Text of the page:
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The shortlist for the Blue Peter Book Award 2013 has been announced. The shortlists are: Best Story


The Boy who Swam with Piranhas by David Almond, illustrated by Oliver Jeffers (Walker Books) Hero on a Bicycle by Shirley Hughes (Walker Books) Tom Gates – Genius Ideas (Mostly) by Liz Pichon (Scholastic)


Best Book with Facts


Horrible Science: House of Horrors by Nick Arnold and Tony De Saulles (Scholastic)


Walter Tull’s Scrapbook by Michaela Morgan (Frances Lincoln Children’s Books) Fantastic Mr Dahl by Michael Rosen, illustrated by Quentin Blake.


The shortlisted books will be judged by more than 200 young Blue Peter viewers drawn from 10 schools across the UK. The winners will be announced and awarded a Blue Peter trophy on a special edition of Blue Peter dedicated to children's books on Thursday 7 March 2013, to coincide with World Book Day.


Hal’s Reading Diary


The first ‘Hal’s Reading Diary’ was published in March 2002 when Hal was a one-year-old. As his father, Roger Mills, commented at the time, these early nonverbal responses to books had to be observed and deduced and, as an additional complication, not confused with Roger’s own feelings about the importance of books and reading. The Diary now ends with the 12-year-old Hal very able to express his views and preferences, and they are quite often for computer games rather than for books.


O


ver the last eleven years the Diary has been popular with BfK readers and, while there have been other accounts (usually by librarians who are parents) of a child’s response to books, ‘Hal’s Reading Diary’ has been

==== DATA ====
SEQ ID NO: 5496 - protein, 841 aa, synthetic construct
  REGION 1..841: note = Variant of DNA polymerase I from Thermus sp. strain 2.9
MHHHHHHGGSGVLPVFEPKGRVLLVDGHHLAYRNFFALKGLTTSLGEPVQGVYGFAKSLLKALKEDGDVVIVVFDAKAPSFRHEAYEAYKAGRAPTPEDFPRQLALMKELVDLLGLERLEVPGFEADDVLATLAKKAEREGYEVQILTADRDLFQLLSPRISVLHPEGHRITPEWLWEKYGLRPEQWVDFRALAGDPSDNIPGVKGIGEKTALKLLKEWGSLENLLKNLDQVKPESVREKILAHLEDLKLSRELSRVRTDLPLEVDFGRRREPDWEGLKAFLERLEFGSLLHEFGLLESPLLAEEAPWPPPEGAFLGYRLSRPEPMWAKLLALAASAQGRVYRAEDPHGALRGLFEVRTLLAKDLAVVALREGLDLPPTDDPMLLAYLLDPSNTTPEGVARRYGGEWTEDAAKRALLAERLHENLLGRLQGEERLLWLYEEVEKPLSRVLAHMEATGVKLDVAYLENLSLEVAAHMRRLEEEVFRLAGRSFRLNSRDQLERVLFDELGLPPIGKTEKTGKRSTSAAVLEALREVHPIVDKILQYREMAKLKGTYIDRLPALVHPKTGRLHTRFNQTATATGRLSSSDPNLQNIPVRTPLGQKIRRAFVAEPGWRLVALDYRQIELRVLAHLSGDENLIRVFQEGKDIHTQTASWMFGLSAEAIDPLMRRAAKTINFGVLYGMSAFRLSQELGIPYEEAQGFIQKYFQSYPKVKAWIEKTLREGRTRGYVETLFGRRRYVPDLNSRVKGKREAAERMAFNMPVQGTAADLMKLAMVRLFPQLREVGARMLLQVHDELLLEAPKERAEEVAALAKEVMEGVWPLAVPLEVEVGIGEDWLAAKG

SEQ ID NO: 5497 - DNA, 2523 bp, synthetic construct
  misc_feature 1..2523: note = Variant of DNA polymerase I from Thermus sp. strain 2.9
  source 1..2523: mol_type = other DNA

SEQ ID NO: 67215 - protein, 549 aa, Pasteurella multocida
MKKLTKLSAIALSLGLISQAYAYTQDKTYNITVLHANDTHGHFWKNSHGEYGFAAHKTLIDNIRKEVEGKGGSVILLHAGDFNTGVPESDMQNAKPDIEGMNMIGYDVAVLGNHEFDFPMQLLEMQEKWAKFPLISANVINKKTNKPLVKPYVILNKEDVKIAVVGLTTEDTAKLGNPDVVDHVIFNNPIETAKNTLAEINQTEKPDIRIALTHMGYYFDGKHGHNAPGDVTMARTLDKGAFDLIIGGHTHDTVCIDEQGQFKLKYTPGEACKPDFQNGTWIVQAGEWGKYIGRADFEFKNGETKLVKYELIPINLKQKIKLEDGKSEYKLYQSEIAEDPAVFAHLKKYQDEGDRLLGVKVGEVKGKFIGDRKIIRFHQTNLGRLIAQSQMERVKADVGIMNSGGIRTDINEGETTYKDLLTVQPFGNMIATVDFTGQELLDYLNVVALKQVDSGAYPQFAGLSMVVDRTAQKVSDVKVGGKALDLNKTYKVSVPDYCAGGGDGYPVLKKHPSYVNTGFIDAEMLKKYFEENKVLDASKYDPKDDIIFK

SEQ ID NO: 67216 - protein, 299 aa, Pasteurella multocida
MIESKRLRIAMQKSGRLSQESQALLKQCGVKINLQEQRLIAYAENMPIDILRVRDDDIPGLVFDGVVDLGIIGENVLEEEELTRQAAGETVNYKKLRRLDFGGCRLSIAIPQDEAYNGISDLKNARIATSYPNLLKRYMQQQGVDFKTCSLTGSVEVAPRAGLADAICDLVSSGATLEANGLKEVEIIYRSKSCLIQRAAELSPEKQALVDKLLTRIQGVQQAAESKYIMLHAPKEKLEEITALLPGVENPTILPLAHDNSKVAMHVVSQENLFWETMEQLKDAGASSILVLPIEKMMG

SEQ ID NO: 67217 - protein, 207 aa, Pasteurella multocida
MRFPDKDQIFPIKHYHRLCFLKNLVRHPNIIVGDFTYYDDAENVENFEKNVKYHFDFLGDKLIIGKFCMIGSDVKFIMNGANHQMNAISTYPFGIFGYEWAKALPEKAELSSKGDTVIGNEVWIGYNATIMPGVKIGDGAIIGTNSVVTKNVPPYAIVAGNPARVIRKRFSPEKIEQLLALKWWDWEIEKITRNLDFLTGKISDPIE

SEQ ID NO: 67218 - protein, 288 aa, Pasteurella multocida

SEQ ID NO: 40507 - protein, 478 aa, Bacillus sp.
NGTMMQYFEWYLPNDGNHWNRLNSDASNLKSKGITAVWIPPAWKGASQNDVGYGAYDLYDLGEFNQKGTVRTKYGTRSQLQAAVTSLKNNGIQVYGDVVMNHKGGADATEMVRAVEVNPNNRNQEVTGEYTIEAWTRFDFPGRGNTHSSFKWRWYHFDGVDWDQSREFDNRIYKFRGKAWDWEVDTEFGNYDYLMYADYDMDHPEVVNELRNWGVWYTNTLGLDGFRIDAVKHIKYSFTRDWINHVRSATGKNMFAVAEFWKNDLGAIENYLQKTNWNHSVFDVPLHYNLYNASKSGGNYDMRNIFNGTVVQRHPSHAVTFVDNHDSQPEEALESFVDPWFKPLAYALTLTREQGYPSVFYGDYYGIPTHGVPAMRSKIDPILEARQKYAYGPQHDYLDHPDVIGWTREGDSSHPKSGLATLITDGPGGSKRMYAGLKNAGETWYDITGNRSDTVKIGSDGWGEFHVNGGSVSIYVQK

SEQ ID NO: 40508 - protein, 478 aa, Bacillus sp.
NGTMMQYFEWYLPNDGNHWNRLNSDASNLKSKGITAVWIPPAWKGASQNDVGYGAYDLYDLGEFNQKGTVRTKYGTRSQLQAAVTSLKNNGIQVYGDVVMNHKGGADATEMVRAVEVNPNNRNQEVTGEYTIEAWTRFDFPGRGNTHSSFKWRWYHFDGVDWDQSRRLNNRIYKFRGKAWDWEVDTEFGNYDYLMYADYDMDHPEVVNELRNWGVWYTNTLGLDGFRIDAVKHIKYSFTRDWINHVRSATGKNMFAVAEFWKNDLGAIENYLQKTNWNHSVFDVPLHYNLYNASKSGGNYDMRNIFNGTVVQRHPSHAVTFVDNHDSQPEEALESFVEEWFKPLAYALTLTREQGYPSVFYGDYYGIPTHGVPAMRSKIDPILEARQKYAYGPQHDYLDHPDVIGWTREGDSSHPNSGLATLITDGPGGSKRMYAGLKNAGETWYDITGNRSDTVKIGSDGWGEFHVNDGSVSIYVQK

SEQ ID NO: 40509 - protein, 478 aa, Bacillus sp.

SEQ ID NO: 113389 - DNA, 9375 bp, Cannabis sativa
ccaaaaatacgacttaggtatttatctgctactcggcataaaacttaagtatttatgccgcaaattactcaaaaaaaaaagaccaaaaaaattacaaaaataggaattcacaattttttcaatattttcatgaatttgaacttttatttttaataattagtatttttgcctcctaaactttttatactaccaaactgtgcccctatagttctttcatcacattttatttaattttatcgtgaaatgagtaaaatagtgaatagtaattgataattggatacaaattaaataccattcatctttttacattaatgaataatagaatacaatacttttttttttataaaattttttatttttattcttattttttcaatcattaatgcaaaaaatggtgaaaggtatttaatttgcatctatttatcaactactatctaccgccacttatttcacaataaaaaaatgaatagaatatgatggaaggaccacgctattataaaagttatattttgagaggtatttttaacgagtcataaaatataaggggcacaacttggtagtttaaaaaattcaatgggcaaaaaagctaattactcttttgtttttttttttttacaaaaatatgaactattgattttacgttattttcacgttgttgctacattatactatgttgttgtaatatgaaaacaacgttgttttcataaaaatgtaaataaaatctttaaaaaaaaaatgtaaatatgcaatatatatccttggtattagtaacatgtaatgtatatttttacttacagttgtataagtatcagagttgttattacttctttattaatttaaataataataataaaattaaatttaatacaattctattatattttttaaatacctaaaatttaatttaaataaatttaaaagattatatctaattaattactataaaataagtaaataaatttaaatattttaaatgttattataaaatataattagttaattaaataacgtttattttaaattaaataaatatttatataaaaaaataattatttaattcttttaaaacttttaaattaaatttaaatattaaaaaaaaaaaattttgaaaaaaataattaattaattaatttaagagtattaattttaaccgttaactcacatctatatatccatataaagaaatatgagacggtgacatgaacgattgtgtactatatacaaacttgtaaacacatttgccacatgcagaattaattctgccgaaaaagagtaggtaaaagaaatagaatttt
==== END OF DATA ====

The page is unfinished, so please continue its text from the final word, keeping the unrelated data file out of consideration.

unusual in also affording psychoanalytic insights, written as it is by a father who is a psychodynamic counsellor. The honesty and humour of Roger’s accounts, his record of what actually happened rather than presenting an idealized picture has created a unique account of a child’s relationship to books and reading.


Many parents will have had the experience of relatives coming to visit and making amazed comments on how our children have grown. We, living with our children every day, usually don’t notice the growing process which happens in such minute increments.


The same is often true of a child’s progress in reading. Live with it day in and day out and you don’t usually notice unless your child is one of those that experiences a quantum leap in their reading ability. Or unless there is a good reason to observe the minutiae of change. Writing ‘Hal’s Reading Diary’ has given me precisely the motive to observe those tiny shifts in his reading in a way which I am certain wouldn’t have happened otherwise. And it seems appropriate in this, the final entry of the series, to reflect back on what has


briefing AWARDS


Winner of the Marsh Award for Children’s Literature in Translation 2013


Howard Curtis has won the 2013 Marsh Award for Children’s Literature in Translationfor In the Sea there are Crocodiles written by Fabio Geda and published in the UK by David Fickling Books.


In the Sea there are Crocodiles is that harrowing story of a young boy travelling from his home in Afghanistan to Italy, in search of safety.


The 2013 shortlist featured five books, six translators, and five languages, proof of the high quality and diversity of translated fiction for young readers. The complete shortlist was:


Howard Curtis for In the Sea there are Crocodiles by Fabio Geda, translated from Italian, David Fickling Books.


Fatima Sharafeddini for My Own Special Way by Mithaa Alkhayyat (retold by Vivian French), translated from Arabic, Orion Children’s Books.